June 12, 2009 4:06PM

Campaign Finance Reform, European Style

Europe just held elections for the European parliament. The British National Party — an essentially fascist, all‐​white grouping — won two seats. And access to potentially a lot of money.

It isn’t literally public campaign financing, but once elected, parties in the European parliament often can get their hands on a lot of public funding. Reports the Independent:

Both men will be entitled to about £310,000 in annual funding, including an £80,443 salary, a staff budget of up to £182,000 and £40,000 for office expenses. But the British National Party (BNP) could also unlock a share of the £22.8m allowance that is given to parliamentary groups if it can find at least 25 fellow MEPs from seven member states willing to form a bloc within the European Parliament.

Being part of a group is crucial in terms of power as it entitles members to EU funding, a party office, administrative staff and, crucially, the right to vote in committees which are the nerve centre of the Parliament.

A parliamentary group is also entitled to up to £5m of extra funding over the next five‐​year term.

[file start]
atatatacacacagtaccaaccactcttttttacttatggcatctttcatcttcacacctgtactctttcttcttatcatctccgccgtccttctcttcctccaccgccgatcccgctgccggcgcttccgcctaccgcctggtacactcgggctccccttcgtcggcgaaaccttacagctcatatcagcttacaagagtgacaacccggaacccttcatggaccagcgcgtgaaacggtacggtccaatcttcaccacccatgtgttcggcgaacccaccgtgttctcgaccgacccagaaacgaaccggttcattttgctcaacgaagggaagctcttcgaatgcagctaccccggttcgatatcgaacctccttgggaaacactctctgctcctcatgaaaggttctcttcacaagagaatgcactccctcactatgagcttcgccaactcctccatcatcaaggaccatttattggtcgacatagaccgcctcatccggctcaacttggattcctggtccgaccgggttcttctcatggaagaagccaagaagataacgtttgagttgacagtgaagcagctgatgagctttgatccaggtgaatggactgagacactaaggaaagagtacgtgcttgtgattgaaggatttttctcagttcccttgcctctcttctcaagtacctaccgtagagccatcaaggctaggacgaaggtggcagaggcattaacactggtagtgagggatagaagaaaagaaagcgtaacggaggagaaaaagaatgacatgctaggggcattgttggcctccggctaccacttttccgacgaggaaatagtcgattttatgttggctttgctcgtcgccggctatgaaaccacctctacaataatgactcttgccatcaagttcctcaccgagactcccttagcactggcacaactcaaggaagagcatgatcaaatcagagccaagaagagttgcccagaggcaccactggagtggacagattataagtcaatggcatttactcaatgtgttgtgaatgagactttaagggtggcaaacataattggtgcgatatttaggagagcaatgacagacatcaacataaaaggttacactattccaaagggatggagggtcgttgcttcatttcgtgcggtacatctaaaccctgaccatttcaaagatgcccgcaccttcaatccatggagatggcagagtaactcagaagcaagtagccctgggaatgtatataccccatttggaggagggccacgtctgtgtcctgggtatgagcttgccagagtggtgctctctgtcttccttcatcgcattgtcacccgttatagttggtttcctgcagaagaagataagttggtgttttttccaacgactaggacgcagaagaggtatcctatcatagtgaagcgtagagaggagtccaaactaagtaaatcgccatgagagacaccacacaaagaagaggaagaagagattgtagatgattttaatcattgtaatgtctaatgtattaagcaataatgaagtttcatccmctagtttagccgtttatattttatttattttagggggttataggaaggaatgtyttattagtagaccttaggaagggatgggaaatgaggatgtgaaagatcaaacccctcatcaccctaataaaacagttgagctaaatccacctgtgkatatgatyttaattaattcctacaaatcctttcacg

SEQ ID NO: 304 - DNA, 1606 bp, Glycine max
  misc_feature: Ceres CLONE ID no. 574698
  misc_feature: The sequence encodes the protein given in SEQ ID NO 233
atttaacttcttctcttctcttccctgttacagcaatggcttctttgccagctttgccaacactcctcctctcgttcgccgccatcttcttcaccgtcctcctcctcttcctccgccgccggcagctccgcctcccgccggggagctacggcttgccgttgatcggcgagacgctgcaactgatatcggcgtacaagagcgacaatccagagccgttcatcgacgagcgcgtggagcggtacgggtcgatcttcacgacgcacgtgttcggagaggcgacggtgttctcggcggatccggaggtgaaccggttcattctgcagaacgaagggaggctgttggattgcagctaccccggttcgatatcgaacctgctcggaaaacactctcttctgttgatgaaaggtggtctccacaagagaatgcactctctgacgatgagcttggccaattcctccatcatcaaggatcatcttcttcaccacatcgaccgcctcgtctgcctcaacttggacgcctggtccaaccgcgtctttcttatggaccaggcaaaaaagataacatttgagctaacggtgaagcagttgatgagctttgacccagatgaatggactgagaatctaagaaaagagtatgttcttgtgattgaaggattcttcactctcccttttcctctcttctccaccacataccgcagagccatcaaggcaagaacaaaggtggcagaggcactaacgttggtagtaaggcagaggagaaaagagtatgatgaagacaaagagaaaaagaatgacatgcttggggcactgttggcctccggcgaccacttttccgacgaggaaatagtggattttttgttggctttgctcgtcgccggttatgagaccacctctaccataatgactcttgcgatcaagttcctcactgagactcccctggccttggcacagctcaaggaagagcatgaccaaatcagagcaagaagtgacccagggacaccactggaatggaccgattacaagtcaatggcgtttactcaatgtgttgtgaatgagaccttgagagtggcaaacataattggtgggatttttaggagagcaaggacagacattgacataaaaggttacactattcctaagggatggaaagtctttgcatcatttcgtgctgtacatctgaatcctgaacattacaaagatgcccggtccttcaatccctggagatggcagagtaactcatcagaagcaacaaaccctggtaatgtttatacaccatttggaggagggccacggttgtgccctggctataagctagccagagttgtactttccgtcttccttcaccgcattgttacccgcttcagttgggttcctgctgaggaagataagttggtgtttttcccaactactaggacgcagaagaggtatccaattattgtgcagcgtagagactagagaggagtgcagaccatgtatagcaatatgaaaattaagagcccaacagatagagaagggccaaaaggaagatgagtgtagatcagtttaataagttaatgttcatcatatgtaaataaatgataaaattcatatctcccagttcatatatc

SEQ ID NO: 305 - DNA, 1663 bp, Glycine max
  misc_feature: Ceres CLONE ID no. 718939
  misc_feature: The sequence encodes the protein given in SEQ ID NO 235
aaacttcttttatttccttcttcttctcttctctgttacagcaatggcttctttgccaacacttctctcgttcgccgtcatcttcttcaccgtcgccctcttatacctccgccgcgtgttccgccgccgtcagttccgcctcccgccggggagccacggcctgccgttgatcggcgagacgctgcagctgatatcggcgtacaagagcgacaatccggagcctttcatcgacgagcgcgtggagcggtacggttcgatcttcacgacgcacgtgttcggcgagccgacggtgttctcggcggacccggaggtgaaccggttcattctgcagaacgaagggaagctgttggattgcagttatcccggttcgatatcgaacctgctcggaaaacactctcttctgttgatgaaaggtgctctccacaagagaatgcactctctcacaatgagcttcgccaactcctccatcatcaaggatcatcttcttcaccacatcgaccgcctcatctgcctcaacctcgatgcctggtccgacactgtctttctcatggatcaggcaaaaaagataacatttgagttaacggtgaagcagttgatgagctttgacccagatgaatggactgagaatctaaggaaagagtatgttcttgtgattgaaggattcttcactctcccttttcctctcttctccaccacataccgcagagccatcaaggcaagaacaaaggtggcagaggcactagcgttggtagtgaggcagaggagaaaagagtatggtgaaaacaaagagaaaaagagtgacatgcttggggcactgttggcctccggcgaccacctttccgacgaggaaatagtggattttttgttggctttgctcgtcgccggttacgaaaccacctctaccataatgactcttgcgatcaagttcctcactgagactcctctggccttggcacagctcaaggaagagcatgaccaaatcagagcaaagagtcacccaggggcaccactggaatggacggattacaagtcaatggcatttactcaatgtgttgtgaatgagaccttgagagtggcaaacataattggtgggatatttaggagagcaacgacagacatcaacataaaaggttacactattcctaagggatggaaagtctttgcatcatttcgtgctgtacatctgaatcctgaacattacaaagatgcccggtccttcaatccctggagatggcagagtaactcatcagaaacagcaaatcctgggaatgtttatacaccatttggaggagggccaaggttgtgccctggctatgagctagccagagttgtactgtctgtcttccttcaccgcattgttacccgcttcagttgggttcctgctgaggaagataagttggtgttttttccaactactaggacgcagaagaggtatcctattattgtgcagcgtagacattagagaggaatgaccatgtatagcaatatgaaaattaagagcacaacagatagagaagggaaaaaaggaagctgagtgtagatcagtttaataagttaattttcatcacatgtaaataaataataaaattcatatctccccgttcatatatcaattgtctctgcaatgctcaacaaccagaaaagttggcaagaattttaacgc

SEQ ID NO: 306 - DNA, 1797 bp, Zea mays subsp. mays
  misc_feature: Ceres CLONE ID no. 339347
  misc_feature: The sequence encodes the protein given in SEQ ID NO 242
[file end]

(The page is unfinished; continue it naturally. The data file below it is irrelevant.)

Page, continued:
A number of far‐​right groups have secured seats in the European Parliament, many of whom hold outwardly racist or neo‐​fascist policies. Prior to the European elections, high‐​ranking members of the BNP had attended rallies held by neo‐​Nazis in both Italy and Hungary.

It’s bad enough for Europeans to have to tolerate such folks in the European Parliament. But subsidizing their activities seems ridiculous. So it is with the public funding of elections and government restrictions on private fundraising and advertising in elections in the U.S. The thought of jackboots at the trough, as some in Britain put it, is as good an argument as I can imagine against the public financing of elections here.